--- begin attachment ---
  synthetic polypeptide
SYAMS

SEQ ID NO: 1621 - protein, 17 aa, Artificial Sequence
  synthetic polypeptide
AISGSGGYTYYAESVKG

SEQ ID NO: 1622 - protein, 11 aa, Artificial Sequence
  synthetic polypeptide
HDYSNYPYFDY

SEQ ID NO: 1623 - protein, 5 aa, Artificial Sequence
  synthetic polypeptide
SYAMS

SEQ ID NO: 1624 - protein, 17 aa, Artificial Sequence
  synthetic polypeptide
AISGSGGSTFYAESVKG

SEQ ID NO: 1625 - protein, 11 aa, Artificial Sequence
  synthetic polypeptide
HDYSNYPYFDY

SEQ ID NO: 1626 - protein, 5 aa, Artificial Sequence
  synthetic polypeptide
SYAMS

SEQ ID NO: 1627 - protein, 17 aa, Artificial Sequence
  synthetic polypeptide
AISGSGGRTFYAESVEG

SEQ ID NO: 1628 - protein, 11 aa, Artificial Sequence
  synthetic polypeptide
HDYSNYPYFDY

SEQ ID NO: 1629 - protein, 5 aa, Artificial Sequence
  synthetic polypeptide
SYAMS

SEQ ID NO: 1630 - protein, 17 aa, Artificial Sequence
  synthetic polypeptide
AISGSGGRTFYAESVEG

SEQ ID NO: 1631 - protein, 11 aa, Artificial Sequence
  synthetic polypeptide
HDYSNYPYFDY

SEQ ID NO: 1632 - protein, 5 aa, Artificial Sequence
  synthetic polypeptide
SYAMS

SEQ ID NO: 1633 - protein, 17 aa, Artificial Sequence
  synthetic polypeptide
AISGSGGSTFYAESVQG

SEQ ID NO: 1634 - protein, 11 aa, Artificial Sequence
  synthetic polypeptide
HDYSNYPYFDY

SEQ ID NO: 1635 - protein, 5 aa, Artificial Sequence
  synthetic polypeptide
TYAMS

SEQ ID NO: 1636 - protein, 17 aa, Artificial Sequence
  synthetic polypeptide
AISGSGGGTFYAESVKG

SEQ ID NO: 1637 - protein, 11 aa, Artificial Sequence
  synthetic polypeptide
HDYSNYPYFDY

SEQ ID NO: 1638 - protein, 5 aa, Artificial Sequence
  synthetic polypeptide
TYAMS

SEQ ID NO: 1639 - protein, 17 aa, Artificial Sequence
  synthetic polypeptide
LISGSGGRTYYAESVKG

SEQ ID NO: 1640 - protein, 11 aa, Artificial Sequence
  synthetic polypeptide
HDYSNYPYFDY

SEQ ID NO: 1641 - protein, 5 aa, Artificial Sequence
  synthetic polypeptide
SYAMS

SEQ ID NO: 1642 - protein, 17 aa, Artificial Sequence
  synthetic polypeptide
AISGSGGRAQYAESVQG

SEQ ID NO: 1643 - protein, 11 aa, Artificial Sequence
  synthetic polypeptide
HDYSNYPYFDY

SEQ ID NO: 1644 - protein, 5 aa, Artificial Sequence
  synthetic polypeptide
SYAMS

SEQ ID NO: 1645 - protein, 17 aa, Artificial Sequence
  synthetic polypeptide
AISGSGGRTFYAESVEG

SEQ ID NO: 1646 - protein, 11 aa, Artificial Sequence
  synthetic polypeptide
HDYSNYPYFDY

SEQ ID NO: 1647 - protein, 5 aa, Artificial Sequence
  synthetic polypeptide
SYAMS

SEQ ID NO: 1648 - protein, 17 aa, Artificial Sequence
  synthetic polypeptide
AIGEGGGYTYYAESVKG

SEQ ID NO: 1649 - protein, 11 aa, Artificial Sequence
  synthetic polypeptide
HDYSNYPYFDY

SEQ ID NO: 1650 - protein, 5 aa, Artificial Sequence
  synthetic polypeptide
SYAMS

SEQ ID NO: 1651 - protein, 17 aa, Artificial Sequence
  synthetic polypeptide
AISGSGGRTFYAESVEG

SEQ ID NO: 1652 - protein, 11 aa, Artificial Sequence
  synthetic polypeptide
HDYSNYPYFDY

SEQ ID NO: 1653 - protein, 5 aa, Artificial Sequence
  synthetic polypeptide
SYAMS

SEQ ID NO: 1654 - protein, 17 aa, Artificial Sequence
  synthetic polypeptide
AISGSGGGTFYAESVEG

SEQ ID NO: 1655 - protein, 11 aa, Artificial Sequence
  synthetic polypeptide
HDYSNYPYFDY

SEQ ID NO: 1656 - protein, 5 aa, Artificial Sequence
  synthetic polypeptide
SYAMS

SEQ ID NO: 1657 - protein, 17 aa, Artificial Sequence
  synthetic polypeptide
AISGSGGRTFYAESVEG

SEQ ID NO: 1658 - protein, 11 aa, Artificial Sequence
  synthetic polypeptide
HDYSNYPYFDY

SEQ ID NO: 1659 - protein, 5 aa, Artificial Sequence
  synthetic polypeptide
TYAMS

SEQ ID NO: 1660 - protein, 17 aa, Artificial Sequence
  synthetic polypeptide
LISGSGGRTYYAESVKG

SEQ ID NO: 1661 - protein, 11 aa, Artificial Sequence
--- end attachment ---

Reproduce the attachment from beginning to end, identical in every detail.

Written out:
  synthetic polypeptide
SYAMS

SEQ ID NO: 1621 - protein, 17 aa, Artificial Sequence
  synthetic polypeptide
AISGSGGYTYYAESVKG

SEQ ID NO: 1622 - protein, 11 aa, Artificial Sequence
  synthetic polypeptide
HDYSNYPYFDY

SEQ ID NO: 1623 - protein, 5 aa, Artificial Sequence
  synthetic polypeptide
SYAMS

SEQ ID NO: 1624 - protein, 17 aa, Artificial Sequence
  synthetic polypeptide
AISGSGGSTFYAESVKG

SEQ ID NO: 1625 - protein, 11 aa, Artificial Sequence
  synthetic polypeptide
HDYSNYPYFDY

SEQ ID NO: 1626 - protein, 5 aa, Artificial Sequence
  synthetic polypeptide
SYAMS

SEQ ID NO: 1627 - protein, 17 aa, Artificial Sequence
  synthetic polypeptide
AISGSGGRTFYAESVEG

SEQ ID NO: 1628 - protein, 11 aa, Artificial Sequence
  synthetic polypeptide
HDYSNYPYFDY

SEQ ID NO: 1629 - protein, 5 aa, Artificial Sequence
  synthetic polypeptide
SYAMS

SEQ ID NO: 1630 - protein, 17 aa, Artificial Sequence
  synthetic polypeptide
AISGSGGRTFYAESVEG

SEQ ID NO: 1631 - protein, 11 aa, Artificial Sequence
  synthetic polypeptide
HDYSNYPYFDY

SEQ ID NO: 1632 - protein, 5 aa, Artificial Sequence
  synthetic polypeptide
SYAMS

SEQ ID NO: 1633 - protein, 17 aa, Artificial Sequence
  synthetic polypeptide
AISGSGGSTFYAESVQG

SEQ ID NO: 1634 - protein, 11 aa, Artificial Sequence
  synthetic polypeptide
HDYSNYPYFDY

SEQ ID NO: 1635 - protein, 5 aa, Artificial Sequence
  synthetic polypeptide
TYAMS

SEQ ID NO: 1636 - protein, 17 aa, Artificial Sequence
  synthetic polypeptide
AISGSGGGTFYAESVKG

SEQ ID NO: 1637 - protein, 11 aa, Artificial Sequence
  synthetic polypeptide
HDYSNYPYFDY

SEQ ID NO: 1638 - protein, 5 aa, Artificial Sequence
  synthetic polypeptide
TYAMS

SEQ ID NO: 1639 - protein, 17 aa, Artificial Sequence
  synthetic polypeptide
LISGSGGRTYYAESVKG

SEQ ID NO: 1640 - protein, 11 aa, Artificial Sequence
  synthetic polypeptide
HDYSNYPYFDY

SEQ ID NO: 1641 - protein, 5 aa, Artificial Sequence
  synthetic polypeptide
SYAMS

SEQ ID NO: 1642 - protein, 17 aa, Artificial Sequence
  synthetic polypeptide
AISGSGGRAQYAESVQG

SEQ ID NO: 1643 - protein, 11 aa, Artificial Sequence
  synthetic polypeptide
HDYSNYPYFDY

SEQ ID NO: 1644 - protein, 5 aa, Artificial Sequence
  synthetic polypeptide
SYAMS

SEQ ID NO: 1645 - protein, 17 aa, Artificial Sequence
  synthetic polypeptide
AISGSGGRTFYAESVEG

SEQ ID NO: 1646 - protein, 11 aa, Artificial Sequence
  synthetic polypeptide
HDYSNYPYFDY

SEQ ID NO: 1647 - protein, 5 aa, Artificial Sequence
  synthetic polypeptide
SYAMS

SEQ ID NO: 1648 - protein, 17 aa, Artificial Sequence
  synthetic polypeptide
AIGEGGGYTYYAESVKG

SEQ ID NO: 1649 - protein, 11 aa, Artificial Sequence
  synthetic polypeptide
HDYSNYPYFDY

SEQ ID NO: 1650 - protein, 5 aa, Artificial Sequence
  synthetic polypeptide
SYAMS

SEQ ID NO: 1651 - protein, 17 aa, Artificial Sequence
  synthetic polypeptide
AISGSGGRTFYAESVEG

SEQ ID NO: 1652 - protein, 11 aa, Artificial Sequence
  synthetic polypeptide
HDYSNYPYFDY

SEQ ID NO: 1653 - protein, 5 aa, Artificial Sequence
  synthetic polypeptide
SYAMS

SEQ ID NO: 1654 - protein, 17 aa, Artificial Sequence
  synthetic polypeptide
AISGSGGGTFYAESVEG

SEQ ID NO: 1655 - protein, 11 aa, Artificial Sequence
  synthetic polypeptide
HDYSNYPYFDY

SEQ ID NO: 1656 - protein, 5 aa, Artificial Sequence
  synthetic polypeptide
SYAMS

SEQ ID NO: 1657 - protein, 17 aa, Artificial Sequence
  synthetic polypeptide
AISGSGGRTFYAESVEG

SEQ ID NO: 1658 - protein, 11 aa, Artificial Sequence
  synthetic polypeptide
HDYSNYPYFDY

SEQ ID NO: 1659 - protein, 5 aa, Artificial Sequence
  synthetic polypeptide
TYAMS

SEQ ID NO: 1660 - protein, 17 aa, Artificial Sequence
  synthetic polypeptide
LISGSGGRTYYAESVKG

SEQ ID NO: 1661 - protein, 11 aa, Artificial Sequence